Today I am feeling inspired and motivated. It could easily have not been the case since the day started with a massive crash of my email inbox, a difficult review of a recently submitted paper, and some issues with my simulation that I am planning to present at the ACM conference next week – not to mention a lack of sleep. Still, all of this became irrelevant when I watched NASA’s new promotional video attached below. Sometimes it is good to be reminded how lucky we are to be part of this adventure. Never in the history of mankind have we had access to... read more ❯
Searching for Fragments of the Sutter's Mill Meteorite
An update about the Sutter's Mill Meteorite that I mentioned yesterday. A few hours ago, I saw the pieces that Peter Jenniskens brought at the SETI Institute. I am not a meteorite expert but they indeed look like a carbonaceous chondrite meteorite. The fragments are black, with tiny white flecks scattered through the interior. On the surface, one can see black coating due to the heating during the passage through the Earth atmosphere. While watching them, I had this unreal... read more ❯
Next-gen Suborbital Missions: a talk and a Conference
Join us on Wednesday, February 29, 2012 - 7:00pm at the Colloquium room of the SETI Institute to hear a talk by Andrew Nelson, Chief Operating Officer of XCOR. Title: The Trillion Dollar Space Enterprise --> Or How The Lynx Suborbital Vehicle Will Change The World by Andrew Nelson, Chief Operating Officer of XCOR Abstract: Fully resuable spacecraft are the critical enabler for regular, low cost and safe access to space, and such access will enable space utilization in ways we've only dreamed about in the past. Much as the early ARPANET laid the foundation... read more ❯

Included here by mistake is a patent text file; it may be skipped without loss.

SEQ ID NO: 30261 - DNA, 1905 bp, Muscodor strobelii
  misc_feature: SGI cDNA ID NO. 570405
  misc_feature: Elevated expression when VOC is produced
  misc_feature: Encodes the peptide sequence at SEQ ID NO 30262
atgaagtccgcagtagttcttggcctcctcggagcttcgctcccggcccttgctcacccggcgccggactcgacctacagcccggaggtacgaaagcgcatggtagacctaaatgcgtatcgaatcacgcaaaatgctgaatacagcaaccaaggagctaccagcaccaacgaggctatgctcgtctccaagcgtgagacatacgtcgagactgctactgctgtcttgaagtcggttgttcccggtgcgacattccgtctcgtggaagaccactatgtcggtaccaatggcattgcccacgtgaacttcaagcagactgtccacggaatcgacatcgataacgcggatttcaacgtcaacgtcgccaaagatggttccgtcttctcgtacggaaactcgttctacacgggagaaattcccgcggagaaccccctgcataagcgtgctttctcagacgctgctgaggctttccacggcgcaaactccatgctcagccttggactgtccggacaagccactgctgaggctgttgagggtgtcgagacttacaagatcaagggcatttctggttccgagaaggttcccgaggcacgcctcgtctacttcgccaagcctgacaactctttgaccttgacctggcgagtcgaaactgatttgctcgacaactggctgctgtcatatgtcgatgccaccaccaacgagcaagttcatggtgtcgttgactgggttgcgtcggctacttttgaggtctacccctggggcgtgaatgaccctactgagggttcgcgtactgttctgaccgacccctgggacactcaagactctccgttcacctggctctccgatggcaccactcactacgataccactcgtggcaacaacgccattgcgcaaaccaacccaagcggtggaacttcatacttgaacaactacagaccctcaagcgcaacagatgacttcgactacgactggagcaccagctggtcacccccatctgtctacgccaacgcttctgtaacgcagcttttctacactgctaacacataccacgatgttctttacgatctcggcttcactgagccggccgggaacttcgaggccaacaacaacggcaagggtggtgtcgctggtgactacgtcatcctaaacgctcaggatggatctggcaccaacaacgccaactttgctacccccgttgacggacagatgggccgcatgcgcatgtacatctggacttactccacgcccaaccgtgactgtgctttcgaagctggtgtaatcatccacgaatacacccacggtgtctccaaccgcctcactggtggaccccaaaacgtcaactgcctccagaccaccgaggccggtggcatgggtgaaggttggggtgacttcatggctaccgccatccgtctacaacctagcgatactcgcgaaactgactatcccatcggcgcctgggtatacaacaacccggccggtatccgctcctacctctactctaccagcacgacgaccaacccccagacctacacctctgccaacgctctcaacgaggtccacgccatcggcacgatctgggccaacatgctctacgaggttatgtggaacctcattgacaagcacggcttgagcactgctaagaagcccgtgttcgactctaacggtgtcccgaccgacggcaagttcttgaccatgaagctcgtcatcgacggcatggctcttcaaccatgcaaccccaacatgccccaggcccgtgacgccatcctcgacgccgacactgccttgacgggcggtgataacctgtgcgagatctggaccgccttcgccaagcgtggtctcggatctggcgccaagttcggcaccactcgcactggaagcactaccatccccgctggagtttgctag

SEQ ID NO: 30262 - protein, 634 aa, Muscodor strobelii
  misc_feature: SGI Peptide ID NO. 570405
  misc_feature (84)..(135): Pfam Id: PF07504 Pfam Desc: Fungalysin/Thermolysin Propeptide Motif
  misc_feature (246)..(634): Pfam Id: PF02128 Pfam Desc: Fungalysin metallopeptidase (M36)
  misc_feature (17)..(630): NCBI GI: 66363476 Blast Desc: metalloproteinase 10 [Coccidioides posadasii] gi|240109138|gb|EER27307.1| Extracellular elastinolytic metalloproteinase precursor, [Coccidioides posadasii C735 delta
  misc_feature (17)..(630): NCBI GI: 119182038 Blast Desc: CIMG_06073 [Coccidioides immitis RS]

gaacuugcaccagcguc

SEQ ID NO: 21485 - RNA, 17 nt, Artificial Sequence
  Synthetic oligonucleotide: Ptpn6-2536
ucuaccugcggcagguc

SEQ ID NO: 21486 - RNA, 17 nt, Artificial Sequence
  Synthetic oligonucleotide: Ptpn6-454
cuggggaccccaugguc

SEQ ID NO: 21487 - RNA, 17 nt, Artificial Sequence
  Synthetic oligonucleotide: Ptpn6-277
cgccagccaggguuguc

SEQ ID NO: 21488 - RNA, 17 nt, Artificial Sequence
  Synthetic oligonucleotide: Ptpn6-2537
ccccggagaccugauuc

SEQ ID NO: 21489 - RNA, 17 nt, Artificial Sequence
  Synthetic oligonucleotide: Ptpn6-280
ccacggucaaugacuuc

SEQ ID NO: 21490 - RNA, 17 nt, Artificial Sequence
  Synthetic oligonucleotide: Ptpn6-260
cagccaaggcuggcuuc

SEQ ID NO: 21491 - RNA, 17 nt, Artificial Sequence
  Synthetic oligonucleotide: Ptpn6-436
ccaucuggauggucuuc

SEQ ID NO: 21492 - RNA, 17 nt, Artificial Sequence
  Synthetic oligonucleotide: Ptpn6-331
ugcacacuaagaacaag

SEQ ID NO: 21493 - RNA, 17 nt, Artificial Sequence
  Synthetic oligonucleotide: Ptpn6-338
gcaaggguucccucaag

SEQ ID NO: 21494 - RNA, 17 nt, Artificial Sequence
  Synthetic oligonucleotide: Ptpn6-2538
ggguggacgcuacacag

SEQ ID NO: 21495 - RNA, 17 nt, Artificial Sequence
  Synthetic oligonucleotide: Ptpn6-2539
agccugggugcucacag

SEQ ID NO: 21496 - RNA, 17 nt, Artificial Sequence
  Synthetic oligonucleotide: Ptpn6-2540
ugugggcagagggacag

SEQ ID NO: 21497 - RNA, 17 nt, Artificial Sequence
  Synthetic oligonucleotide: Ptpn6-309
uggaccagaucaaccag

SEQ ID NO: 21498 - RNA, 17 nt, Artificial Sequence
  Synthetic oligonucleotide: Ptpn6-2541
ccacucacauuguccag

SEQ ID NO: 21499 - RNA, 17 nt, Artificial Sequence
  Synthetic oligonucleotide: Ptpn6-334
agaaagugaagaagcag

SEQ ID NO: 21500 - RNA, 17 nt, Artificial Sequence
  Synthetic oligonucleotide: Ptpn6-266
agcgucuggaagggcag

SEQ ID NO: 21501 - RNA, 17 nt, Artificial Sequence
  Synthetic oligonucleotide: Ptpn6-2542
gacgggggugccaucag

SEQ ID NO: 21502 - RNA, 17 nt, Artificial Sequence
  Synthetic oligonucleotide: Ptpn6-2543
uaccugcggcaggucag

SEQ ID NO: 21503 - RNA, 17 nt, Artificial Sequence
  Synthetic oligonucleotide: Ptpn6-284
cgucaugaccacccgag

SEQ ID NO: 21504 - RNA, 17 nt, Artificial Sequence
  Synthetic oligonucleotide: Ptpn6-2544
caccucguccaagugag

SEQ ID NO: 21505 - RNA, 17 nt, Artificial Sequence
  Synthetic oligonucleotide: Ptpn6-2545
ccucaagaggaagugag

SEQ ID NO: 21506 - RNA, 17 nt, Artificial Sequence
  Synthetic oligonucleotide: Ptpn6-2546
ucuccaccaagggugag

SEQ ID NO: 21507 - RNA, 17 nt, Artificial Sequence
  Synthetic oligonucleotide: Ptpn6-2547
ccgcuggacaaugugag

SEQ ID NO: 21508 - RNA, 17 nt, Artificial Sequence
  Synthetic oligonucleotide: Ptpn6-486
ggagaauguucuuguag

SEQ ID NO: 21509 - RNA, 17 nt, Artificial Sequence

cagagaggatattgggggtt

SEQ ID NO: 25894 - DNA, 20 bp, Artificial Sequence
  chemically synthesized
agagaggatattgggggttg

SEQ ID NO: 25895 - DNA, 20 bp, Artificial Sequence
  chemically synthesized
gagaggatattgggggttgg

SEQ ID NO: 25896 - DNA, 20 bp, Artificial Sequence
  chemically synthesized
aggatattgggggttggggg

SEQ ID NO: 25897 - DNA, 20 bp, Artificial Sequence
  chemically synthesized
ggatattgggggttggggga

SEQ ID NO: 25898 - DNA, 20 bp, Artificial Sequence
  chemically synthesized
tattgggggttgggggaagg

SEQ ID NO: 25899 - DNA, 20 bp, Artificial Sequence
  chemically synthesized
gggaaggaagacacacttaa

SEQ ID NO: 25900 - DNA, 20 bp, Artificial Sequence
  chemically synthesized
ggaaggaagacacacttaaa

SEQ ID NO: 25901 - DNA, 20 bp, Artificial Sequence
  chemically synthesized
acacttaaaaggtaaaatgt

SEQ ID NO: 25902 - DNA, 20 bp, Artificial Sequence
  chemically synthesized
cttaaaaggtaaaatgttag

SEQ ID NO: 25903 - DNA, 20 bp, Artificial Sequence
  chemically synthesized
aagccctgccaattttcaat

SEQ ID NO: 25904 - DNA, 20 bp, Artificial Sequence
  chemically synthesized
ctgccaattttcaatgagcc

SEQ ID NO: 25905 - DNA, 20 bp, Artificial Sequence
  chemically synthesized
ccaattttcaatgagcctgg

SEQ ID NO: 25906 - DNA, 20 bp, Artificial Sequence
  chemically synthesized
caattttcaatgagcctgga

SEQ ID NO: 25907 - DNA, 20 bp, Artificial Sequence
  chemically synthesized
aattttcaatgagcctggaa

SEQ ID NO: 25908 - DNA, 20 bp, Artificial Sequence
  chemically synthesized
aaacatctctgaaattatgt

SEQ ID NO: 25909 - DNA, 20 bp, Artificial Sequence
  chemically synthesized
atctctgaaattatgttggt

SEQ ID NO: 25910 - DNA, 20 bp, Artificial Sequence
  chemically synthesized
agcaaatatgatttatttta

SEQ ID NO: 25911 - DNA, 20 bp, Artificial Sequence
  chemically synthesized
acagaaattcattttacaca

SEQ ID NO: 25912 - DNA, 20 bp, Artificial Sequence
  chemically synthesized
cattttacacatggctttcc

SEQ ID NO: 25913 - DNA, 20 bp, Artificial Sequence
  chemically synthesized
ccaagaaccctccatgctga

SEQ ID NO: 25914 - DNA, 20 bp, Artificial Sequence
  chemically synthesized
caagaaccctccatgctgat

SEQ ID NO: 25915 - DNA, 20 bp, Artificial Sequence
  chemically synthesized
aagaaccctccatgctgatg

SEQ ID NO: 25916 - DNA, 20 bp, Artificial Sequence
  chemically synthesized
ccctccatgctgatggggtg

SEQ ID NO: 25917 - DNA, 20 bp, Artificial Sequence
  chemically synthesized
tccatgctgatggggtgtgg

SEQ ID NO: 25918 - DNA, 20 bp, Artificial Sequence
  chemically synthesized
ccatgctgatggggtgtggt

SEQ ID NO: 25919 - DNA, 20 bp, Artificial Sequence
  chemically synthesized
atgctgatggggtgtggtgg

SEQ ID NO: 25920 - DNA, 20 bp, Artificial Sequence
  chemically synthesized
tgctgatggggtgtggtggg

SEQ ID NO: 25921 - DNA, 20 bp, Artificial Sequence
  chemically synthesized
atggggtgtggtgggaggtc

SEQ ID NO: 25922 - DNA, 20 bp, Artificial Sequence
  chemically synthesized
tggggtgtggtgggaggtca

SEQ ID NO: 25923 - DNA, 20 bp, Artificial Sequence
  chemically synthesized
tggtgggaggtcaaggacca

Kepler-16: Exoplanets around binary star systems DO exist
Kepler-16 is another great discovery coming from the Kepler telescope, the 10th NASA Discovery mission which is devoted to finding Earth-size exoplanets by monitoring variations of brightness due to transit. Today the Kepler team found a circumbinary exoplanet, an exoplanet orbiting a binary star system. Did they find Tatooine? In the large 105 deg2 field of view of the Kepler spacecraft, ~156,000 stars are being almost continuously observed by the 0.95m telescope. In 2010, the star number KIC... read more ❯
An Occultation by the double asteroid (90) Antiope seen in California
Last Tuesday July 19 at 3:25am PDT, several SETI REU students and colleagues from SETI institute and Observatoire de Paris were on the road. They were looking at the sky with tiny telescopes and surrounding by complex instruments somewhere in the middle the Californian countryside to witness and record a rare event: the occultation of a bright 7-mag star by the double asteroid (90) Antiope. (90) Antiope is clearly a remarkable and unique binary asteroid. It is made of 2 large (~86 km) ellipsoidal components orbiting around their center of mass in 16.5 hours, describing a circular orbit with a... read more ❯
Allen Array Telescope and the SETI Institute